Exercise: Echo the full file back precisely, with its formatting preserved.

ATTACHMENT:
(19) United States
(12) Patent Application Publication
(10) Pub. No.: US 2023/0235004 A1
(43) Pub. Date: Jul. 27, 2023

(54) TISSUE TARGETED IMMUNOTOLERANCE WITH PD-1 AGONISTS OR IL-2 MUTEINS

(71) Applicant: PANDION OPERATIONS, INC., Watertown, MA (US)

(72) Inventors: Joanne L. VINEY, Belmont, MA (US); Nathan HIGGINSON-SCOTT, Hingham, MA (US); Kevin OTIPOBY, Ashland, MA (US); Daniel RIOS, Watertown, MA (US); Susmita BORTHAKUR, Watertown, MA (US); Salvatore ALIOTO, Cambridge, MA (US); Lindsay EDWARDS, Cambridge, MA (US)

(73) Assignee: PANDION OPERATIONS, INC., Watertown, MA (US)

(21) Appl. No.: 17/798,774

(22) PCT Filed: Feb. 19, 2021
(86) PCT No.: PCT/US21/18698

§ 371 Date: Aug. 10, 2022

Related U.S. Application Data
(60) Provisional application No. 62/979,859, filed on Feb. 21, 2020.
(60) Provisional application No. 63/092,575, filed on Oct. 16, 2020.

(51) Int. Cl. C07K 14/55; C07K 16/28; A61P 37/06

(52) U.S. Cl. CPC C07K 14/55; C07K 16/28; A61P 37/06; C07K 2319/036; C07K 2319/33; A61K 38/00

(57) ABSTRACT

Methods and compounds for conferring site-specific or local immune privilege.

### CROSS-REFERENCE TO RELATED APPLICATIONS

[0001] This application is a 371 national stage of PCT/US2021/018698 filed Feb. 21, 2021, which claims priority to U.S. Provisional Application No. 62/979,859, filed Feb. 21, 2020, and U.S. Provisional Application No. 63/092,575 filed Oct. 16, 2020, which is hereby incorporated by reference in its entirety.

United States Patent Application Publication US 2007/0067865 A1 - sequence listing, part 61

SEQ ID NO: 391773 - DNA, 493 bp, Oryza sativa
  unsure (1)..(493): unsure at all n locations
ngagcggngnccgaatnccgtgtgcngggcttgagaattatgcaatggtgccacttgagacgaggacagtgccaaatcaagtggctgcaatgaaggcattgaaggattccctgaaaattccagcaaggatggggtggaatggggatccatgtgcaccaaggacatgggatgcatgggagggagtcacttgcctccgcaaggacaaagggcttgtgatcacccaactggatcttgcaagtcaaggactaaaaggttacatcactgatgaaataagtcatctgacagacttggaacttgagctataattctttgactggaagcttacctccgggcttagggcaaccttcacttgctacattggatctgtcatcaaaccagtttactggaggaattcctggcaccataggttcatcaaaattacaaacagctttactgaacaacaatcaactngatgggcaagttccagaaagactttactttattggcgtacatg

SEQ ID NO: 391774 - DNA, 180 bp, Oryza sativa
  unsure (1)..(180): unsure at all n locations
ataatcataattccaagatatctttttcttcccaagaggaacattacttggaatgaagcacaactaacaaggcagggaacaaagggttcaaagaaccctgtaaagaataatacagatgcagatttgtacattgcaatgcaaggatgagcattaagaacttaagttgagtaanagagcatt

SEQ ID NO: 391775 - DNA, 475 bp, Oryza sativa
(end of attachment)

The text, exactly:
(19) United States
(12) Patent Application Publication
(10) Pub. No.: US 2023/0235004 A1
(43) Pub. Date: Jul. 27, 2023

(54) TISSUE TARGETED IMMUNOTOLERANCE WITH PD-1 AGONISTS OR IL-2 MUTEINS

(71) Applicant: PANDION OPERATIONS, INC., Watertown, MA (US)

(72) Inventors: Joanne L. VINEY, Belmont, MA (US); Nathan HIGGINSON-SCOTT, Hingham, MA (US); Kevin OTIPOBY, Ashland, MA (US); Daniel RIOS, Watertown, MA (US); Susmita BORTHAKUR, Watertown, MA (US); Salvatore ALIOTO, Cambridge, MA (US); Lindsay EDWARDS, Cambridge, MA (US)

(73) Assignee: PANDION OPERATIONS, INC., Watertown, MA (US)

(21) Appl. No.: 17/798,774

(22) PCT Filed: Feb. 19, 2021
(86) PCT No.: PCT/US21/18698

§ 371 Date: Aug. 10, 2022

Related U.S. Application Data
(60) Provisional application No. 62/979,859, filed on Feb. 21, 2020.
(60) Provisional application No. 63/092,575, filed on Oct. 16, 2020.

(51) Int. Cl. C07K 14/55; C07K 16/28; A61P 37/06

(52) U.S. Cl. CPC C07K 14/55; C07K 16/28; A61P 37/06; C07K 2319/036; C07K 2319/33; A61K 38/00

(57) ABSTRACT

Methods and compounds for conferring site-specific or local immune privilege.

### CROSS-REFERENCE TO RELATED APPLICATIONS

[0001] This application is a 371 national stage of PCT/US2021/018698 filed Feb. 21, 2021, which claims priority to U.S. Provisional Application No. 62/979,859, filed Feb. 21, 2020, and U.S. Provisional Application No. 63/092,575 filed Oct. 16, 2020, which is hereby incorporated by reference in its entirety.

United States Patent Application Publication US 2007/0067865 A1 - sequence listing, part 61

SEQ ID NO: 391773 - DNA, 493 bp, Oryza sativa
  unsure (1)..(493): unsure at all n locations
ngagcggngnccgaatnccgtgtgcngggcttgagaattatgcaatggtgccacttgagacgaggacagtgccaaatcaagtggctgcaatgaaggcattgaaggattccctgaaaattccagcaaggatggggtggaatggggatccatgtgcaccaaggacatgggatgcatgggagggagtcacttgcctccgcaaggacaaagggcttgtgatcacccaactggatcttgcaagtcaaggactaaaaggttacatcactgatgaaataagtcatctgacagacttggaacttgagctataattctttgactggaagcttacctccgggcttagggcaaccttcacttgctacattggatctgtcatcaaaccagtttactggaggaattcctggcaccataggttcatcaaaattacaaacagctttactgaacaacaatcaactngatgggcaagttccagaaagactttactttattggcgtacatg

SEQ ID NO: 391774 - DNA, 180 bp, Oryza sativa
  unsure (1)..(180): unsure at all n locations
ataatcataattccaagatatctttttcttcccaagaggaacattacttggaatgaagcacaactaacaaggcagggaacaaagggttcaaagaaccctgtaaagaataatacagatgcagatttgtacattgcaatgcaaggatgagcattaagaacttaagttgagtaanagagcatt

SEQ ID NO: 391775 - DNA, 475 bp, Oryza sativa